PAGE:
Changes in dairy industry benefit dairy cattle health and welfare and consumers
Profound changes in the dairy industry in recent decades have benefited the health and welfare of dairy cows, as well as consumers. A team of dairy science experts provides valuable insights into these changes, as well as the science behind them, and also identify knowledge gaps and further research needs. Their review is published in the current issue of the Journal of Dairy Science.
"Economic pressures, technological innovations, demographic shifts, consumer expectations, and an evolving regulatory framework have all contributed to the impetus for changes in the global dairy industry," explained lead investigator Herman Barkema, DVM, PhD, Professor, Epidemiology of Infectious Diseases and NSERC Industrial Research Chair in Infectious Diseases of Dairy Cattle, Department of Production Animal Health, Faculty of Veterinary Medicine, at the University of Calgary, Canada. "These changes have had, and will likely continue to have, profound effects on the health and welfare of dairy cows and on management practices and systems for dairy herds."
Barkema and colleagues examined the key changes taking place in the dairy industry in North America, Europe, Australia, and New Zealand, the implications of which are relevant for the dairy industry in most developed and developing nations.
The main trends they describe are:
- Decrease in the number of farms, whereas herd size has increased
- Increasing number of dairy farms depending on hired (nonfamily) labor
- Regular professional communication and establishment of farm-specific protocols essential to minimize human error and ensure consistency of practices
- Increasing average milk production per cow, partly because of improvements in nutrition and management, but also because of genetic selection for milk production
- Rapid adoption of new technologies (e.g., automated calf feeders, cow activity monitors, and automated milking systems)
- Increasing requirement for farmers to adopt higher standards for food safety and biosecurity, become less reliant on the use of antimicrobials and hormones, and provide assurances regarding animal welfare, in order to remain compliant with regulations and competitive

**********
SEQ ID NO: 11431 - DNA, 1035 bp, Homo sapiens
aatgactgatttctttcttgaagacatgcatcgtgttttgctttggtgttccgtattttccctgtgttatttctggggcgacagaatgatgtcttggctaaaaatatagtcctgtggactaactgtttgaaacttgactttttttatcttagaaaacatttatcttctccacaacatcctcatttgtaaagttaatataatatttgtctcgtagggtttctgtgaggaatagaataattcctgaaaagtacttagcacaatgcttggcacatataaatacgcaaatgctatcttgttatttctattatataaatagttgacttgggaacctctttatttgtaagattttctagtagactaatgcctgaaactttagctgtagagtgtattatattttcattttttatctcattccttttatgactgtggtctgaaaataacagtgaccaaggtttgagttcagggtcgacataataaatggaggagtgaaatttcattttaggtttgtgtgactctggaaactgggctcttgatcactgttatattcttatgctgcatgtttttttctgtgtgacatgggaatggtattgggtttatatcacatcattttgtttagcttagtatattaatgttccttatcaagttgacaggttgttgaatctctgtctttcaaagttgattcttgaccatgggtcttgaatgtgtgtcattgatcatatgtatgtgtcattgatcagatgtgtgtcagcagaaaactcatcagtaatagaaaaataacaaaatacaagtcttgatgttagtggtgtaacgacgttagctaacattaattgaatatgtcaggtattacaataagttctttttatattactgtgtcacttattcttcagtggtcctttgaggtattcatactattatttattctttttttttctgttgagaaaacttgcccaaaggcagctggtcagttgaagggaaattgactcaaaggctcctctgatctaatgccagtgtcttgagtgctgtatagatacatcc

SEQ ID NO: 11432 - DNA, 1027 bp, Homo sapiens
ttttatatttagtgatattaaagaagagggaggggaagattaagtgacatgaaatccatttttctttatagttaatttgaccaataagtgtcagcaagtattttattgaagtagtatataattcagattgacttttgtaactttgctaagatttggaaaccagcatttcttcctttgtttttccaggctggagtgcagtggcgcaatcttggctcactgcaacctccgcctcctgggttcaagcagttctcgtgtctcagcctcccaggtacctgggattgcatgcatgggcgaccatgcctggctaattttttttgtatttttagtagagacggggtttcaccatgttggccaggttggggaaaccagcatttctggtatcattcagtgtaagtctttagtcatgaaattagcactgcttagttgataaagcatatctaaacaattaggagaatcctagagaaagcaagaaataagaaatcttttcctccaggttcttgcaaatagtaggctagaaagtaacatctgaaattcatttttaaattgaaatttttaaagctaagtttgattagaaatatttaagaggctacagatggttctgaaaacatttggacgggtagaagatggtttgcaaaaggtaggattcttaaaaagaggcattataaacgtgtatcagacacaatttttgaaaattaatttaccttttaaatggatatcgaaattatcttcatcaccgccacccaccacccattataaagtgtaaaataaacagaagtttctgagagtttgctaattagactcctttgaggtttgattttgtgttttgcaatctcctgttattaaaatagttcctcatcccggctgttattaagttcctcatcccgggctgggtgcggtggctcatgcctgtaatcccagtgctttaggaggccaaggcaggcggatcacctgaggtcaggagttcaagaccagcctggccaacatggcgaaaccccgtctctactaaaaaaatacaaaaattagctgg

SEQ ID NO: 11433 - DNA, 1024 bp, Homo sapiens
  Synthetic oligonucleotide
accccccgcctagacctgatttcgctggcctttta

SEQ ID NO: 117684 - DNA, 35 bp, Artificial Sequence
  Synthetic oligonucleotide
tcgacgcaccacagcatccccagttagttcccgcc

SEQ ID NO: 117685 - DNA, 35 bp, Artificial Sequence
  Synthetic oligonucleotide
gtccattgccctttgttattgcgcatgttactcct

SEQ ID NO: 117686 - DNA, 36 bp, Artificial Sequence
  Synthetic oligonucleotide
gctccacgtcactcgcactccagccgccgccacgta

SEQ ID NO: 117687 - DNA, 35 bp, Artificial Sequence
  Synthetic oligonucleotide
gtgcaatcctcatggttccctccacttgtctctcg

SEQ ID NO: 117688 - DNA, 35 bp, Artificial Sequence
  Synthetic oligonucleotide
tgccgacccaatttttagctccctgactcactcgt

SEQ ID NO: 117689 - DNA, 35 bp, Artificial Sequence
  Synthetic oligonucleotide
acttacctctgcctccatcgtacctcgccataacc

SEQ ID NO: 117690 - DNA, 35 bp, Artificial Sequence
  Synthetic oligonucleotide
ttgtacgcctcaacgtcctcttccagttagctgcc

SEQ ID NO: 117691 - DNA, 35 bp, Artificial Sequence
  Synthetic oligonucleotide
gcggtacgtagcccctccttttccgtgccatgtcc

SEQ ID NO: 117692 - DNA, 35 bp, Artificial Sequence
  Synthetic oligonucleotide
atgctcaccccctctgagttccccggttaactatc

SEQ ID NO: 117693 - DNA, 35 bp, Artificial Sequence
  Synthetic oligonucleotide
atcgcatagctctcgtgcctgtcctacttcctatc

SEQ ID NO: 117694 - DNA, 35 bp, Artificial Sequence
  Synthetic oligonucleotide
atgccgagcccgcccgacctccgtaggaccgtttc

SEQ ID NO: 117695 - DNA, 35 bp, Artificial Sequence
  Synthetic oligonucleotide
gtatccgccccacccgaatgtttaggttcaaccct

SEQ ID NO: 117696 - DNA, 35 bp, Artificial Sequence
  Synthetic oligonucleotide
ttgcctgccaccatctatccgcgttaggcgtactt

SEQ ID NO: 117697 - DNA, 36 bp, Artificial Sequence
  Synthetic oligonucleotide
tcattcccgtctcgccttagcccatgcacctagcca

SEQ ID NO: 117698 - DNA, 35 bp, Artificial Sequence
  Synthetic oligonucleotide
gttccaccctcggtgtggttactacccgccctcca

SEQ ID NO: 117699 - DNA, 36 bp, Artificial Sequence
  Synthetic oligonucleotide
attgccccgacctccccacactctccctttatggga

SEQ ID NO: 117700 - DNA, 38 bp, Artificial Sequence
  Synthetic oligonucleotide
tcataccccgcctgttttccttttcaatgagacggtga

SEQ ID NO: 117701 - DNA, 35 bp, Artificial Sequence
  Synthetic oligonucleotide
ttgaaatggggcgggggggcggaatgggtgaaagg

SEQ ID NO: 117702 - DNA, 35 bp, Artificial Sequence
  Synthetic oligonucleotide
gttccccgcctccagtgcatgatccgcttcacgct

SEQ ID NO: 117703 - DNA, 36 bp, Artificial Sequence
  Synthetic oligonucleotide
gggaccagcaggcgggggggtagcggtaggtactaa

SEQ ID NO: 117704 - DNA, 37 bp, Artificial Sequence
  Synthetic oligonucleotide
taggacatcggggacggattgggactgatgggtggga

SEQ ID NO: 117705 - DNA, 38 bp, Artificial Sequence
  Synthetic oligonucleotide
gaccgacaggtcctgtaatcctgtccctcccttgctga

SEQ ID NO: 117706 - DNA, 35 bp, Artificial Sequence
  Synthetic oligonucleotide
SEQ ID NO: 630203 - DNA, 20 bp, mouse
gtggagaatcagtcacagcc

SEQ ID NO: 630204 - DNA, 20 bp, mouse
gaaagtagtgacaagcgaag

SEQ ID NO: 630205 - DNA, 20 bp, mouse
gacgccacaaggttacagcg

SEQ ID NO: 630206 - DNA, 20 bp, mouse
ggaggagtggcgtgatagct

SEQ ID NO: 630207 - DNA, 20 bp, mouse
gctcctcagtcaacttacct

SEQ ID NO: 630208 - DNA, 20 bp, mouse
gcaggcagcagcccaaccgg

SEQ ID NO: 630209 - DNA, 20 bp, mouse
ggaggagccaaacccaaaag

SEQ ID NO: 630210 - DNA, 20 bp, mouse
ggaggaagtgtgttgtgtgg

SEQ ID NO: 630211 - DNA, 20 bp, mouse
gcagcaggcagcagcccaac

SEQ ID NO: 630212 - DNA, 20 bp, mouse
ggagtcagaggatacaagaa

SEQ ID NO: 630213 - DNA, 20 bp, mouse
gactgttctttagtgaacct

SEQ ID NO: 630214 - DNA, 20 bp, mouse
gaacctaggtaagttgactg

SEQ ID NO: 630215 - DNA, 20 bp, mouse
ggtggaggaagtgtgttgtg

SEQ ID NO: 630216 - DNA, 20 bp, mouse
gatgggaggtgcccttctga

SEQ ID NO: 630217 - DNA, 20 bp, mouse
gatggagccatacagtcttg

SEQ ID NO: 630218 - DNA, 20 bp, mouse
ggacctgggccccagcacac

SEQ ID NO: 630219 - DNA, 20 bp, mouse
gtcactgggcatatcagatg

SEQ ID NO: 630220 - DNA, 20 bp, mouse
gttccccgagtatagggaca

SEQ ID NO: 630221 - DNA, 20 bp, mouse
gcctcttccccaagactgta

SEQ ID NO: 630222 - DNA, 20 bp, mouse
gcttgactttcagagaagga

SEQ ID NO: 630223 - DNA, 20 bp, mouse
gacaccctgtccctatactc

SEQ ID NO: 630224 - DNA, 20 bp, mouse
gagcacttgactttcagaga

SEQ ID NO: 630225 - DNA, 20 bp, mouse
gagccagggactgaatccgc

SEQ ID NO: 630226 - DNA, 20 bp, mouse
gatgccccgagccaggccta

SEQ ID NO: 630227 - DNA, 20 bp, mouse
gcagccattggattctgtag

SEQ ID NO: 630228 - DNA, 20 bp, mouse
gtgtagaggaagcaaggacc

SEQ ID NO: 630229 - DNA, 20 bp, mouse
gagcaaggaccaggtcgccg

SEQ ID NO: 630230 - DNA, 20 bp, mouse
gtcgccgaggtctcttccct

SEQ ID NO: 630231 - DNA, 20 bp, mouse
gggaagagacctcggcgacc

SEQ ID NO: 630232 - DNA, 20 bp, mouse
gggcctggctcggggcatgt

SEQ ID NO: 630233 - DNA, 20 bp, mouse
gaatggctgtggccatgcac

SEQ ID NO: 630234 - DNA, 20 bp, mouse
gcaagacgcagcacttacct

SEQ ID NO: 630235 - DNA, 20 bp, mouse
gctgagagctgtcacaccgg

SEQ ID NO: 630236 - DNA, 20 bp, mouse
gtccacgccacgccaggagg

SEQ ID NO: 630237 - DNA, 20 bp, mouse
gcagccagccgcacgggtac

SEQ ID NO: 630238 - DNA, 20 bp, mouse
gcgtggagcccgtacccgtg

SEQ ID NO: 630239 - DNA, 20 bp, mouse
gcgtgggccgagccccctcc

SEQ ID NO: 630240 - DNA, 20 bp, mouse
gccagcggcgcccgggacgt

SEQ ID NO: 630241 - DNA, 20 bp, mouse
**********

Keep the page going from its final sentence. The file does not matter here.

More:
- Increasing herd size and response to animal welfare regulations in some countries, which together have led to a decrease in the proportion of dairy herds housed in tie stalls
- In countries that traditionally practiced seasonal grazing, fewer farmers now let their dairy cows graze in the summer
- Increase in the proportion of organic dairy farms globally, particularly in Europe
The authors identify several opportunities that these changes offer for the future:
- Given the pressure to decrease the use of antimicrobials and hormones, conventional farms may be able to learn from well-managed organic farms.
- Increased adoption of new technologies will enable farmers to have access to rich data sources that can aid in further improving animal health and welfare. Because the potential is still largely unrealized, more training of dairy farmers, their employees, and their advisors is necessary.
- Genetic and genomic selection for increased resistance to disease offers substantial potential although this requires collection of additional phenotypic data.
"The possibilities of using milk for disease diagnostics and monitoring are considerable. We expect that dairy herd improvement associations will continue to expand the number of tests offered to diagnose diseases and pregnancy," added Professor Barkema. "There is every expectation that changes in the dairy industry will be further accentuated and additional novel technologies and different management practices will be adopted in the future."
"The take-home message is that the dairy industry is changing to meet consumers' expectations for improved health and well-being of dairy animals, while at the same time increasing food production in a sustainable manner. The solution is not to turn back the hands of time, but instead combine advanced technologies with modern production practices," commented Matt Lucy, PhD, Editor-in-Chief, Journal of Dairy Science, and Professor of Animal Science, University of Missouri, USA.